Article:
Because we killed God and bulldozed Heaven, it’s impossible to get someone to repair the engine on my eleven-year old grandson’s go-cart. And that is no joke.
Okay, okay. First things first.
On the first day came the birthday go-cart: a great deal; on Craig’s list; needing a spark plug, and apparently, a total engine overhaul. When the groovy new but “gently used” go-cart showed signs of dead motor syndrome it was time to find someone with small engine savvy and a knack for saving the day.
On the second day, it became the search for the holy grail of reputable go-cart repair. It’s not a huge job. The motor is small. The spark plug is one. The seats are low, and the fun is real. Phone calls commenced.
On the third day-ish, it was discovered that no one is willing to work on go-carts and not because they’re hard or frustrating or tricky . . .
They won’t work on them because no one wants the legal liability inherent in repairing a vehicle designed to give maximum thrills while flipping over when they hit slightly mounded gopher holes. Crazy times.
I blame the ones that bulldozed Heaven.
Without the promise of life after zits and middle age bulge and shingles and death (i.e. Heaven), people get weird about the here and the now. They want heavenly in a world where fire ants do the fire ant tango on babies. They want heaven in a world where dogs do bite, cats absolutely scratch, and the endings aren’t always happy. They want a place where nothing hurts, promises are kept, and everyone always does what they should. They want Heaven.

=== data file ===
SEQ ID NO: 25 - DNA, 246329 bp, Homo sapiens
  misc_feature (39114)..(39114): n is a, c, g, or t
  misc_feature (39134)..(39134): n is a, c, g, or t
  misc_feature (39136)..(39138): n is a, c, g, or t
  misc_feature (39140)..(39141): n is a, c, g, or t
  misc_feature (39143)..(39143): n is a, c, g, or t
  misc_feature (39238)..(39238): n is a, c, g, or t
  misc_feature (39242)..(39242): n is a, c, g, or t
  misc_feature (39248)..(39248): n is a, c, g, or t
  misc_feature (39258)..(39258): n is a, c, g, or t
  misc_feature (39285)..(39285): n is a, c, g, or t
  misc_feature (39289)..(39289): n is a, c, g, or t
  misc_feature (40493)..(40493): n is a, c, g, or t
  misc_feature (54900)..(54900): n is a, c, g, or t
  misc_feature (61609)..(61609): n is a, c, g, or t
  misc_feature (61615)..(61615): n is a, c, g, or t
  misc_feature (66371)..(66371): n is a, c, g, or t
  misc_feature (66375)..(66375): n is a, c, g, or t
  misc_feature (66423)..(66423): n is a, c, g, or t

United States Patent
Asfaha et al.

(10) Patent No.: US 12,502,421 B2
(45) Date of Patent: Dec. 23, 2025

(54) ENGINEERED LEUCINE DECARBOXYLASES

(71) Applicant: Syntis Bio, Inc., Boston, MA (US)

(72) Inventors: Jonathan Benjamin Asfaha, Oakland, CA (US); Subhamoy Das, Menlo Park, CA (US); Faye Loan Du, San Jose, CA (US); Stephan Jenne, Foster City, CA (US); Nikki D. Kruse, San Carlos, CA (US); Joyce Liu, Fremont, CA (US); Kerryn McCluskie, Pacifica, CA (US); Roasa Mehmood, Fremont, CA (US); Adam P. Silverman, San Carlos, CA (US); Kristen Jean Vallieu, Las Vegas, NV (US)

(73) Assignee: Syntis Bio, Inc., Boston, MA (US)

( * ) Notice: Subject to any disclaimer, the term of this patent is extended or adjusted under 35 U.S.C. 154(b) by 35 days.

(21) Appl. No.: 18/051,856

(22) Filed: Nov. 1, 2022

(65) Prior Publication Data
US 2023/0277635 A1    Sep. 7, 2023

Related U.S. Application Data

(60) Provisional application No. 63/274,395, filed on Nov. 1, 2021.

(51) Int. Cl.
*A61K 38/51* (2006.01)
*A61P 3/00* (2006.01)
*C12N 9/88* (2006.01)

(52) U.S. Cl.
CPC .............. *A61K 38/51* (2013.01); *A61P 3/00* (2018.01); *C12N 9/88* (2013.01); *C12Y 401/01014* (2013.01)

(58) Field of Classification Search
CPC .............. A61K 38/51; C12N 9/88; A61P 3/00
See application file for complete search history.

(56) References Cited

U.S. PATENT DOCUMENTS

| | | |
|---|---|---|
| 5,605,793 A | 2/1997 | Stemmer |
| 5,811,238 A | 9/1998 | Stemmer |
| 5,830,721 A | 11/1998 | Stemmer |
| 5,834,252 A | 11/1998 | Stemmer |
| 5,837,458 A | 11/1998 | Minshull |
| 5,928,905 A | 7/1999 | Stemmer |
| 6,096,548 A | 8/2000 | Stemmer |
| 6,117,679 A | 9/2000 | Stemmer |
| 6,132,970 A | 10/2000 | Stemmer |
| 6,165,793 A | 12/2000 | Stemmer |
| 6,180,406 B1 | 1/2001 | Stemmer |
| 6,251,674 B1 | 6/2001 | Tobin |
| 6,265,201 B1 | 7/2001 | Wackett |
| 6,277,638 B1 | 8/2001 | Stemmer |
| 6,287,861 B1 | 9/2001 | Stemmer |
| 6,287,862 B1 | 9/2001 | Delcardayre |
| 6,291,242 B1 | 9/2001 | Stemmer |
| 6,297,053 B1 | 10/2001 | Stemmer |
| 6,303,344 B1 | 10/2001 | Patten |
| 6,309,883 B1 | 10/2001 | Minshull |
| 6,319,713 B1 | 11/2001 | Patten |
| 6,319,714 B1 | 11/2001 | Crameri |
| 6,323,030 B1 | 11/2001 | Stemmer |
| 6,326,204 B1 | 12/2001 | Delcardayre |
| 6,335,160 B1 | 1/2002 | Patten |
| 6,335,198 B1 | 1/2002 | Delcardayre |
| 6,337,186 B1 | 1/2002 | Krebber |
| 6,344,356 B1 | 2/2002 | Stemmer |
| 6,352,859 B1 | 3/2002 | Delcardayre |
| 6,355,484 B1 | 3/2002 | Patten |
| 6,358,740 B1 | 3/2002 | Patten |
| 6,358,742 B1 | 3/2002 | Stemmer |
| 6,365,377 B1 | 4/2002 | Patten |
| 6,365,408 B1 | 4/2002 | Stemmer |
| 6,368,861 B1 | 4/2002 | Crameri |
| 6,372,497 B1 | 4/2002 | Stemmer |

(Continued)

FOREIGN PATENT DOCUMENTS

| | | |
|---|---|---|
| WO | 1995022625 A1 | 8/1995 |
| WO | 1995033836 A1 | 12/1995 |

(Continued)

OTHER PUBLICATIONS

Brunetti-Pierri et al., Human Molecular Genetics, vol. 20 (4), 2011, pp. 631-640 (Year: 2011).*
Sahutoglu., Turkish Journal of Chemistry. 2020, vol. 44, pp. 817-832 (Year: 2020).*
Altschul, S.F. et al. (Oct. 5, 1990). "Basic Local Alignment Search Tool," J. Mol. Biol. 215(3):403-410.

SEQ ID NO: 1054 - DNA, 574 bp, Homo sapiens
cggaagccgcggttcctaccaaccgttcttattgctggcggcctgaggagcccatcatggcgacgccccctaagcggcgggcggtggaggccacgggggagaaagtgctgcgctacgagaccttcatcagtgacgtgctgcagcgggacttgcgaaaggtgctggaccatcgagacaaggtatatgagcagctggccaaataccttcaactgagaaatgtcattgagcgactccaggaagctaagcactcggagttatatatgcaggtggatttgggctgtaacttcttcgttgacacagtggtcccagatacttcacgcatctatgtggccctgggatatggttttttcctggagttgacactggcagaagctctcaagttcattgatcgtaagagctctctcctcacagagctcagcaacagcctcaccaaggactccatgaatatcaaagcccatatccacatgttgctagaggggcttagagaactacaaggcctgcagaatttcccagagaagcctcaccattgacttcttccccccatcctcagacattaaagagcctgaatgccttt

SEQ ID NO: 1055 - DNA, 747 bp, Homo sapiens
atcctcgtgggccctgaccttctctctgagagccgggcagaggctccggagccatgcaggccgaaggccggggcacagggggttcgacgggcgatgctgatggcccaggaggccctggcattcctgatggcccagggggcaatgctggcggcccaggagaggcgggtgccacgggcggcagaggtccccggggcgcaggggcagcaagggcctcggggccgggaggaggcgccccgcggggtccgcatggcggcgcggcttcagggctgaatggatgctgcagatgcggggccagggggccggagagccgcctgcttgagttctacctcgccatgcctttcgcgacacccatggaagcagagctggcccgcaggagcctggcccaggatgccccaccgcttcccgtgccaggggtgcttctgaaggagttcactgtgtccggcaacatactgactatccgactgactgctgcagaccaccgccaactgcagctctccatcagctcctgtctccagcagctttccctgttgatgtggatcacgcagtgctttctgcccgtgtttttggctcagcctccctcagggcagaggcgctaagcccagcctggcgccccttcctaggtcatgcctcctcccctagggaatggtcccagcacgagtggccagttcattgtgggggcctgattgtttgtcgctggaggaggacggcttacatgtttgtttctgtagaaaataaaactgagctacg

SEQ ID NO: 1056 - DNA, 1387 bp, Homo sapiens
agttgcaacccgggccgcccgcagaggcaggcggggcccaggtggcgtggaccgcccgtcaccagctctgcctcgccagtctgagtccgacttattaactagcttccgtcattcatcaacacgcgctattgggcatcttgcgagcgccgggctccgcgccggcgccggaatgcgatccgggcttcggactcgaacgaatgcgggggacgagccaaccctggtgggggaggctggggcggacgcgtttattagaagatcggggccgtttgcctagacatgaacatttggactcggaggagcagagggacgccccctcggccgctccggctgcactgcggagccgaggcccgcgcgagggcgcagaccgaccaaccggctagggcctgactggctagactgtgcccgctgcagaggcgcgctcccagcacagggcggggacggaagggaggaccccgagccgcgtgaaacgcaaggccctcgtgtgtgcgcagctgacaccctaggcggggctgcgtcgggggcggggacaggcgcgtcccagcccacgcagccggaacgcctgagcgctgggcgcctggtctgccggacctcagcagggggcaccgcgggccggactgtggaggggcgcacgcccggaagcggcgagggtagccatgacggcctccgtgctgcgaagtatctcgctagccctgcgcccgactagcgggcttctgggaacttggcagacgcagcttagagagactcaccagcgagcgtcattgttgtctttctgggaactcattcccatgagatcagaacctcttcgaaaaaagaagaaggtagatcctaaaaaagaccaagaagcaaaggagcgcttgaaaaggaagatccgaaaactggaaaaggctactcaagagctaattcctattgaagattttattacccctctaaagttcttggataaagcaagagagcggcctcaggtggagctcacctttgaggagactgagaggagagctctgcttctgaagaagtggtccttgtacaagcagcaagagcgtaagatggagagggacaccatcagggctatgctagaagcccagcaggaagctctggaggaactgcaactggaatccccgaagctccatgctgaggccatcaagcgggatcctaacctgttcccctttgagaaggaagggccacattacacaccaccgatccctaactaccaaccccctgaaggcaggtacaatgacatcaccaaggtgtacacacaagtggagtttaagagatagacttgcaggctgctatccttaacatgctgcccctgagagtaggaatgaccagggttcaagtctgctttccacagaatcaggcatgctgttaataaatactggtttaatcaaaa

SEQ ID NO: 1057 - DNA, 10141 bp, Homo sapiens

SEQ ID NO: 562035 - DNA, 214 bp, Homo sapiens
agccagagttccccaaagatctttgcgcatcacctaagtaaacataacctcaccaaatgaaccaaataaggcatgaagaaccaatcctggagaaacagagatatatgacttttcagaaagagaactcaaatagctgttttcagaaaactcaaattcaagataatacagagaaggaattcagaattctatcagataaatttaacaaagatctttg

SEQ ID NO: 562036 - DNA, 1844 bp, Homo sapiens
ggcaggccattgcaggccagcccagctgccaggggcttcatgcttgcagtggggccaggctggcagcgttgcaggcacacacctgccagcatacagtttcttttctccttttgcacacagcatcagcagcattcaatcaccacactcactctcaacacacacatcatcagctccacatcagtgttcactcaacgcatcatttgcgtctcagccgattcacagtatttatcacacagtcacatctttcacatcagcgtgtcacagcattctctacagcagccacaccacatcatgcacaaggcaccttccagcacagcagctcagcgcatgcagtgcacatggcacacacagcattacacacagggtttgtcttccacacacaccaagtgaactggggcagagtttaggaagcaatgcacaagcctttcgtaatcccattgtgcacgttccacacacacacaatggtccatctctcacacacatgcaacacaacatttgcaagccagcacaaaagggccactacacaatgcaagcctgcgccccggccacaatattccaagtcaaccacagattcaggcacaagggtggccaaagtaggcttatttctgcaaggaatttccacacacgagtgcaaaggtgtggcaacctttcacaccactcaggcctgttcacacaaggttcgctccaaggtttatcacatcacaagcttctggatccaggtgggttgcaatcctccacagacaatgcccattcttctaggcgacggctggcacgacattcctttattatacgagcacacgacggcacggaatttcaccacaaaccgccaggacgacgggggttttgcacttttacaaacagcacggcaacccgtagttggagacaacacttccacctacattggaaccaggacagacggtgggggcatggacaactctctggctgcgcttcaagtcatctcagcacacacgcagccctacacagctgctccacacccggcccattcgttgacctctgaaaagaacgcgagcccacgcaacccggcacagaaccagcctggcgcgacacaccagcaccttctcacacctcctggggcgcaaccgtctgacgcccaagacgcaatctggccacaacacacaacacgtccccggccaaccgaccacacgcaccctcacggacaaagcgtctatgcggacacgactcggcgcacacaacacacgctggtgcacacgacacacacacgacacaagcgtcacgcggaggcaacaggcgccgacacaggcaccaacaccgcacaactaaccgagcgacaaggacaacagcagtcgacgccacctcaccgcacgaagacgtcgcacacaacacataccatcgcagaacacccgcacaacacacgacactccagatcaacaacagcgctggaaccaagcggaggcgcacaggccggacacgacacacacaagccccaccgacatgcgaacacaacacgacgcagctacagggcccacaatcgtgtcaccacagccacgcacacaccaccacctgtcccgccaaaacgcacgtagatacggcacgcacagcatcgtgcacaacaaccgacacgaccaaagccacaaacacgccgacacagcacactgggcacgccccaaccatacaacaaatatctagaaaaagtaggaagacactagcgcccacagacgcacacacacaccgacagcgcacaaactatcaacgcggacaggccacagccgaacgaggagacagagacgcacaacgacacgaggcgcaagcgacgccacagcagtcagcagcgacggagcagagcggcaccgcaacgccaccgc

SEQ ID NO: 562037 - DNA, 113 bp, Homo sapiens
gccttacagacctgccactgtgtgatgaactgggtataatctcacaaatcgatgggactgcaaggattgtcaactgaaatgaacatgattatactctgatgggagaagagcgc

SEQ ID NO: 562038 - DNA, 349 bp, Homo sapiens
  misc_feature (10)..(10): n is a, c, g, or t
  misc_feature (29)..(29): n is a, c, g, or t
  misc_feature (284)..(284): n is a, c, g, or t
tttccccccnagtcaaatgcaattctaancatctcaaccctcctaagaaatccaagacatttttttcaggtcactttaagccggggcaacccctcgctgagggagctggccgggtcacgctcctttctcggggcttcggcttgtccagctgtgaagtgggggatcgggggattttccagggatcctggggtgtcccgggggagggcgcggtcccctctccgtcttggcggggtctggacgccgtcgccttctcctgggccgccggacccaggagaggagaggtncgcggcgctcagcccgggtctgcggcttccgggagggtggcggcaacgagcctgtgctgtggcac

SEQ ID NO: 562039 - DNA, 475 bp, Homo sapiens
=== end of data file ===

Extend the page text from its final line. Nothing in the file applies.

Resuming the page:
And what do they get? Sued. Because when the world doesn’t turn out cotton candy swirly goodness, people sue and sue and sue—to get even, to get “fair,” to get what they “deserve.”
Which makes it tough to find someone willing to take on the liability of working on a recreational vehicle built of pipe cleaners and bread ties. Sure. They’re out there, the ones who love the engines more than they fear the legal angels of lawful retribution. Sure. They live in storage sheds in strange off-grid communities ruled by real live super heroes with their own secret identities: Master Legend; Google it.
Sherwood and Phillip found the go-cart repairman brushing his teeth in front of his storage shed in the hinterland of Orlando, who fixed the go-cart, who introduced them to another man, who is a super hero, patrolling the streets of greater Orlando on a motorized bicycle, ensuring truth, justice, and the American Way. Super heroes make the world righteous, and we love them for it. They’re not real, but don’t tell anyone, because they could get sued if the do-gooding goes awry.
I blame the ones that bulldozed Heaven and then wanted heavenly returns on earthly dirt.
Linda (Go-Go) Zern